Experts may have found part of church where King Richard III was buried

King Richard III, could his remains be about to be discovered under a Leicester Car Park Credit: University of Leicester

Archeologists digging under a Leicester Council office car park say they may have found a wall of the church where Richard III is buried.

The team believe the findings date back to the medieval era, and could be their first breakthrough in the search for the lost King's remains. Richard was the last English king to be killed in battle.

The dig is being filmed for a forthcoming Channel 4 documentary to be aired later this year. Credit: ITV Central

The church known as Greyfriars is believed to be where King Richard III's remains were buried. If any remains are found by the team they will undergo DNA testing at the University of Leicester which is heading the project.

Michael Ibsen, Richard III's 16th generation great nephew who's at today's dig and has given a DNA sample Credit: ITV Central

Michael Ibsen, Richard III's 16th generation great nephew who was at the dig when it began has given a DNA sample to help locate the kings final resting place.

Could the Leicester Council car park be the final resting place of King Richard III? Credit: ITV Central

The team are keen to point out that even if they do not find the monarch's remains, it is helping future generations to possibly discover what happened.

To date the team, who started digging on Saturday, have created a 30-metre trench, removing the council offices car park, making their way back in time through 18th and 19th Century soil to reach the medieval layer at about 1.5 metres deep.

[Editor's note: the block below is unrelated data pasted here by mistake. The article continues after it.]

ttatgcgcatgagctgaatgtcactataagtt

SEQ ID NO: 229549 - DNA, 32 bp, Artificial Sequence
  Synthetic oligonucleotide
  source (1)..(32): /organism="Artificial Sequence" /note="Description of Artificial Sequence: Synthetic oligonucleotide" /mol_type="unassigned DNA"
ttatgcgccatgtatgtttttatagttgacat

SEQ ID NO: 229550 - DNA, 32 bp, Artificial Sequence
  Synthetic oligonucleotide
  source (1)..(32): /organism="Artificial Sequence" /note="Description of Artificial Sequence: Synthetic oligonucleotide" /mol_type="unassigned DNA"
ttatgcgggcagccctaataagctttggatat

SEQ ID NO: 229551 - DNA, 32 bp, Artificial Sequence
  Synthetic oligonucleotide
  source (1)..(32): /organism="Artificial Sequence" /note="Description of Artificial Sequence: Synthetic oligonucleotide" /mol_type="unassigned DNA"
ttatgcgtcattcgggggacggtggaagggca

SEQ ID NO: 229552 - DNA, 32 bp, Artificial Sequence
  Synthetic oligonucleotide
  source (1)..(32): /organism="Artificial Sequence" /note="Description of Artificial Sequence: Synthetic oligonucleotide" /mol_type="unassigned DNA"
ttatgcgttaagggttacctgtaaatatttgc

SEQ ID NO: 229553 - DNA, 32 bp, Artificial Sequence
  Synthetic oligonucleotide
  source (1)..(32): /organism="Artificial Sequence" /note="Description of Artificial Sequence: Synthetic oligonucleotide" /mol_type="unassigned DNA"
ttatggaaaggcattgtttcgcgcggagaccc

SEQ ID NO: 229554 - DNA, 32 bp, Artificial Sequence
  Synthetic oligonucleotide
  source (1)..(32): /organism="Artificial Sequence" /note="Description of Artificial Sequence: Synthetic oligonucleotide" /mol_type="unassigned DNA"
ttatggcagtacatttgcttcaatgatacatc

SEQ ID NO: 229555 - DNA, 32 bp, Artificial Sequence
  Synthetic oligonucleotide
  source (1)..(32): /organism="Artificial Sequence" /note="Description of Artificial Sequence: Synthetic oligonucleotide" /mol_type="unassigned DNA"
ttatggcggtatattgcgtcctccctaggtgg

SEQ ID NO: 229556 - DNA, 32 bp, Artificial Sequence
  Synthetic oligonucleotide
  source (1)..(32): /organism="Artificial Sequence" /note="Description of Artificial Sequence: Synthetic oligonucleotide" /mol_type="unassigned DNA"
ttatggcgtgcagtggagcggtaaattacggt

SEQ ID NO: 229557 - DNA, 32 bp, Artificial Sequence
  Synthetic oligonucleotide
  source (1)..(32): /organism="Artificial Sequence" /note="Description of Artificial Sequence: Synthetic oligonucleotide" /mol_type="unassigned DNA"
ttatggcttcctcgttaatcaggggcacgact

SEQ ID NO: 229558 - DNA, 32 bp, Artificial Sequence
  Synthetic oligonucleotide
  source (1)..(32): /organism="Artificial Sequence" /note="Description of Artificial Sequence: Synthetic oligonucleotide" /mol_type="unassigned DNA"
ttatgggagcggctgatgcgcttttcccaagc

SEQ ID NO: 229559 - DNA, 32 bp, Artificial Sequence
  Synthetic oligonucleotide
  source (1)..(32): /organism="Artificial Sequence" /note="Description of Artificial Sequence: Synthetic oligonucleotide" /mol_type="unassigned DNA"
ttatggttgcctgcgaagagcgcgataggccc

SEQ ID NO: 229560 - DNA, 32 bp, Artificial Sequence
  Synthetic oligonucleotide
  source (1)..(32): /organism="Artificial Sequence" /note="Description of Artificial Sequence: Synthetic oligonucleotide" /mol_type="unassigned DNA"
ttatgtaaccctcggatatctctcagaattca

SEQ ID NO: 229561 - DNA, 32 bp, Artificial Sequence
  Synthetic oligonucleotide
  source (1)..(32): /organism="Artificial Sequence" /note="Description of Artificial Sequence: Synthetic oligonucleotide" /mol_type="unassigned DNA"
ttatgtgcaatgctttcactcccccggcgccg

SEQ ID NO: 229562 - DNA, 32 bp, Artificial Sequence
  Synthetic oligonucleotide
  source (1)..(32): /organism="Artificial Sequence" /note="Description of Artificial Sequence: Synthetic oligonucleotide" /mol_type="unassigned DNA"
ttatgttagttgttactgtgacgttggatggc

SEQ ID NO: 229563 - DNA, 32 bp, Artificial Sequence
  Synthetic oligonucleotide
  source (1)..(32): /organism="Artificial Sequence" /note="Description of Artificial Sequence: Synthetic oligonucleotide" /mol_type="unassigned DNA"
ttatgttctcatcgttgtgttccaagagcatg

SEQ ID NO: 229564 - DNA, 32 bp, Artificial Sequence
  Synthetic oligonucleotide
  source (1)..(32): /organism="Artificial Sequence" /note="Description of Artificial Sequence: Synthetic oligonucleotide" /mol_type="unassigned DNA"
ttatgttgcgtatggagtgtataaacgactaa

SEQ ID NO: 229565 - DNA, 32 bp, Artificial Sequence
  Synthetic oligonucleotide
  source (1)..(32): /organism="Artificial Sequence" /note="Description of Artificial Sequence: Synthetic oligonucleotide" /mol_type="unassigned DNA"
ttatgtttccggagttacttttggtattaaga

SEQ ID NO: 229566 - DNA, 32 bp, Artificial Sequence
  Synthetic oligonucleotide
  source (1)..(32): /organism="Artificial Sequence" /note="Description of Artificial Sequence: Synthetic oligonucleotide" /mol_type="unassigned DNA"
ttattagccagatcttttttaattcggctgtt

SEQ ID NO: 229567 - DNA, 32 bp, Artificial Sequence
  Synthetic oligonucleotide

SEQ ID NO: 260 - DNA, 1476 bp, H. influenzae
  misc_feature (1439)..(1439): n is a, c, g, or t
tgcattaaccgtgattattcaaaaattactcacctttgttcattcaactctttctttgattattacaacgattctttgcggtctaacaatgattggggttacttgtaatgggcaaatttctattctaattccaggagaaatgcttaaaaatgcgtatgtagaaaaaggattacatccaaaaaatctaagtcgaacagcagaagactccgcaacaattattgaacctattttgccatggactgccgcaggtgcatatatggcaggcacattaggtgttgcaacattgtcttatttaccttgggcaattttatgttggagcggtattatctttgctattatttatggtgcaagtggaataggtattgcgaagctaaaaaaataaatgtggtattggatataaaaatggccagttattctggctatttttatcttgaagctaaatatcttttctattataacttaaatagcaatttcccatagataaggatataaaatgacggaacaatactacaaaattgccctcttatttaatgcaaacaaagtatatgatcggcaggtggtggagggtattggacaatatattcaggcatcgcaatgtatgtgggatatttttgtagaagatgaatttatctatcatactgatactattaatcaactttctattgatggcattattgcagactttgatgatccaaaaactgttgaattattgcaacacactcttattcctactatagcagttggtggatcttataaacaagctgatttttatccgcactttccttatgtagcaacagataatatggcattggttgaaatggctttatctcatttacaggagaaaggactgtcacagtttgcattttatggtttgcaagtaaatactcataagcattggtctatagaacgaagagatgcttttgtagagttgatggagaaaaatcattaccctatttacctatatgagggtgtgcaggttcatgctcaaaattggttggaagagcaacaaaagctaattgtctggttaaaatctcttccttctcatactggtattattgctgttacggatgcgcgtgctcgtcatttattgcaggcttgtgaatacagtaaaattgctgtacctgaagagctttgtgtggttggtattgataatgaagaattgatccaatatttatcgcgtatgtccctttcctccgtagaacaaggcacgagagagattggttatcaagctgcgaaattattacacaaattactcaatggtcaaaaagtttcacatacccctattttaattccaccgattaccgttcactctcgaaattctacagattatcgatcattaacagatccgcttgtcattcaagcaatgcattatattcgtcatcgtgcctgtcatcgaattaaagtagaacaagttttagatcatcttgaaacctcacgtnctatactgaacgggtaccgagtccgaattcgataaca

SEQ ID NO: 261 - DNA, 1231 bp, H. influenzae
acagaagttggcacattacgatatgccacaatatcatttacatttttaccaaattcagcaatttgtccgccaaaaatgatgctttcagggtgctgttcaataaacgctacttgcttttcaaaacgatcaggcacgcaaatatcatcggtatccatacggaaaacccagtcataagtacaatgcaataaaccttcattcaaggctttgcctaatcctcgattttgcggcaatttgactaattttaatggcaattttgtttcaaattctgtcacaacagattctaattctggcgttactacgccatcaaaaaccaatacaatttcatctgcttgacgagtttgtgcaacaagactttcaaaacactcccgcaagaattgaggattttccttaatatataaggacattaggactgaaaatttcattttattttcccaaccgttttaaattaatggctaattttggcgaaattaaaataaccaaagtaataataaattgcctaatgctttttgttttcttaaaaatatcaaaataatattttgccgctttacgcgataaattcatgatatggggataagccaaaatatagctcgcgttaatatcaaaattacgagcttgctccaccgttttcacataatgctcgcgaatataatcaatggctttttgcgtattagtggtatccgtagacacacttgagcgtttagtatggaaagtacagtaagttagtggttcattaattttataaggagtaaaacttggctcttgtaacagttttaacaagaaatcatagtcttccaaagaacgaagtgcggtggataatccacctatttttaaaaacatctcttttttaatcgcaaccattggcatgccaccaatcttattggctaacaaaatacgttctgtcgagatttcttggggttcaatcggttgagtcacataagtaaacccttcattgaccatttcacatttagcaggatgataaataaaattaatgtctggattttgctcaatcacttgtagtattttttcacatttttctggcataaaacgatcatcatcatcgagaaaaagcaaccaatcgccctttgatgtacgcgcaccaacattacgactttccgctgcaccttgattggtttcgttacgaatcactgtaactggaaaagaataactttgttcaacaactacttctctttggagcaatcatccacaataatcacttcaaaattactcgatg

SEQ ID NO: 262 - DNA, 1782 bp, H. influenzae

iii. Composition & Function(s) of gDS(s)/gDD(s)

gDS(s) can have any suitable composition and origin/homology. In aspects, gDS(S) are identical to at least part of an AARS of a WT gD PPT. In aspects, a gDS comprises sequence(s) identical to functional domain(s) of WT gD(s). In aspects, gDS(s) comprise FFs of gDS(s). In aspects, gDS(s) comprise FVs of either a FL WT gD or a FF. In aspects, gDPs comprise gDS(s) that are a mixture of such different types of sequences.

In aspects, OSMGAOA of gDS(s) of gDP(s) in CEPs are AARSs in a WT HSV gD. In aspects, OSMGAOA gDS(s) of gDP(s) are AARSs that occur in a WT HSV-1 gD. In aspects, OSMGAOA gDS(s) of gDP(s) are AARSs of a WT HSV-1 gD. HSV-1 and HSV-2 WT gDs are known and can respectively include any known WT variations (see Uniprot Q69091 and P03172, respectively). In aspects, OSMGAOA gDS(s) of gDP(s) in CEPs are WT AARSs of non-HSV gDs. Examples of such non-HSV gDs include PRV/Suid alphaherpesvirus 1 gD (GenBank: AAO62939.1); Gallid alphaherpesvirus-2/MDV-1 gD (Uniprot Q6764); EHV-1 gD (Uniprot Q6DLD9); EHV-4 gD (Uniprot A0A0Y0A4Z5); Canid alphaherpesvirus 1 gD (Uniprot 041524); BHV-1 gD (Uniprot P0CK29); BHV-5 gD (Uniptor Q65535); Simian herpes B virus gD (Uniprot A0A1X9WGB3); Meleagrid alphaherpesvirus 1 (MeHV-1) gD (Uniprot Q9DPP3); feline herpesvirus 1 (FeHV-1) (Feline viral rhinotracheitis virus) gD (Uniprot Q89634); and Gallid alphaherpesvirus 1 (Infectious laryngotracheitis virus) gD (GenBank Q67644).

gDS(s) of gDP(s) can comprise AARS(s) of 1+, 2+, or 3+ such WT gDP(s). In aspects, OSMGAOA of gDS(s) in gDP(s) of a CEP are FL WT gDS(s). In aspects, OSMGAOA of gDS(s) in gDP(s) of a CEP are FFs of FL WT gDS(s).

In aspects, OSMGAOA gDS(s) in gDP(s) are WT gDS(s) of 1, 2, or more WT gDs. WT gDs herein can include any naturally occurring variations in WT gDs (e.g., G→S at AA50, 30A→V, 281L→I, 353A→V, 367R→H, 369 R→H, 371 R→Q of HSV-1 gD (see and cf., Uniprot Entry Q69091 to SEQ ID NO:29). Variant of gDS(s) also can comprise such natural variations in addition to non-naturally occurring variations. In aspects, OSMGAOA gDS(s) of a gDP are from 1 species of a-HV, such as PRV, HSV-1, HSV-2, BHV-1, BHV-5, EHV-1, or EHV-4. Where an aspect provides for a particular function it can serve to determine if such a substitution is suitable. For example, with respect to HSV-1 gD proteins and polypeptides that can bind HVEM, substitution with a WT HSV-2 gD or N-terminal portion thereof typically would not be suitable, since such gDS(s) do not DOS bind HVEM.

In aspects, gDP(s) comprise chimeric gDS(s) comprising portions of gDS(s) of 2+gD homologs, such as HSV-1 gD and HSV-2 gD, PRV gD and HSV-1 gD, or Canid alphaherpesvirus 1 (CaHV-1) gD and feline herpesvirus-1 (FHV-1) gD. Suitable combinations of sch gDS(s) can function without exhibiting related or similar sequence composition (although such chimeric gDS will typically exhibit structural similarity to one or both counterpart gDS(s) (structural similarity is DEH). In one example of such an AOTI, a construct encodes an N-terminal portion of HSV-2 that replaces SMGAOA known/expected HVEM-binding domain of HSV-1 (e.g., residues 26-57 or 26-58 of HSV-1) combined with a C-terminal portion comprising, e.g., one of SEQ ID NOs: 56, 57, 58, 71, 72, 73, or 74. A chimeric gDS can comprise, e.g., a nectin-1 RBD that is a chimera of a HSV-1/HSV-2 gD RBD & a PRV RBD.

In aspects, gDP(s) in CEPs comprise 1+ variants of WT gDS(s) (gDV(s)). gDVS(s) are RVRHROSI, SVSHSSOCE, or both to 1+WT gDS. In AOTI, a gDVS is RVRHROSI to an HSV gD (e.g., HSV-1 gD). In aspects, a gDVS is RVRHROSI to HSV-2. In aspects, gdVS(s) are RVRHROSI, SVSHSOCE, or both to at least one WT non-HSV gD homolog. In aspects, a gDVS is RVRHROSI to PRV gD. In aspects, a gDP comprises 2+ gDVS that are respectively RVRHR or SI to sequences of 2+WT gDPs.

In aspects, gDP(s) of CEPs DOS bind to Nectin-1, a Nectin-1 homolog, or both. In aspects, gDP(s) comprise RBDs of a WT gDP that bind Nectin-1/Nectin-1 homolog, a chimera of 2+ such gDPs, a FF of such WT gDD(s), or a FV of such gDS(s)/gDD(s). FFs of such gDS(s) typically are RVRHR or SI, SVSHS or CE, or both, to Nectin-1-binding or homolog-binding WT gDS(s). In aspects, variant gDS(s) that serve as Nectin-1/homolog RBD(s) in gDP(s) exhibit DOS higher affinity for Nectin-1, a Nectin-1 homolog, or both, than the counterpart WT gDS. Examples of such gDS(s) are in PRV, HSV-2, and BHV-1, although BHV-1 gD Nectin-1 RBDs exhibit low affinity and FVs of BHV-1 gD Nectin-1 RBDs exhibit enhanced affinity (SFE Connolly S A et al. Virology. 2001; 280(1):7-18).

Co-Director of the University of Leicester Archaeological Service, Richard Buckley said:

The dig is being filmed for a forthcoming Channel 4 documentary to be aired later this year.

Facts about King Richard III:

  • He was King of England for two years from 1483 until he died at the Battle of Bosworth

  • He died aged 32 this brought an end to 30 years of civil war (War of the Roses) but marked the start of the Tudor times

  • Historians say his armour and clothes were removed and his body taken to Leicester where it was displayed for 3 days

  • The church where King Richard is believed to be buried named Greyfriars was destroyed 50 years after his remains were placed there.

  • Following Richard III death rumours surfaced that he was born with severe deformaties, but historians believe this is not true but the result of Tudor propaganda who used his 'deformity' to 'prove' his guilt in killing his nephews, in Tudor times it was believed a deformed body meant the mind was also deformed and 'evil'.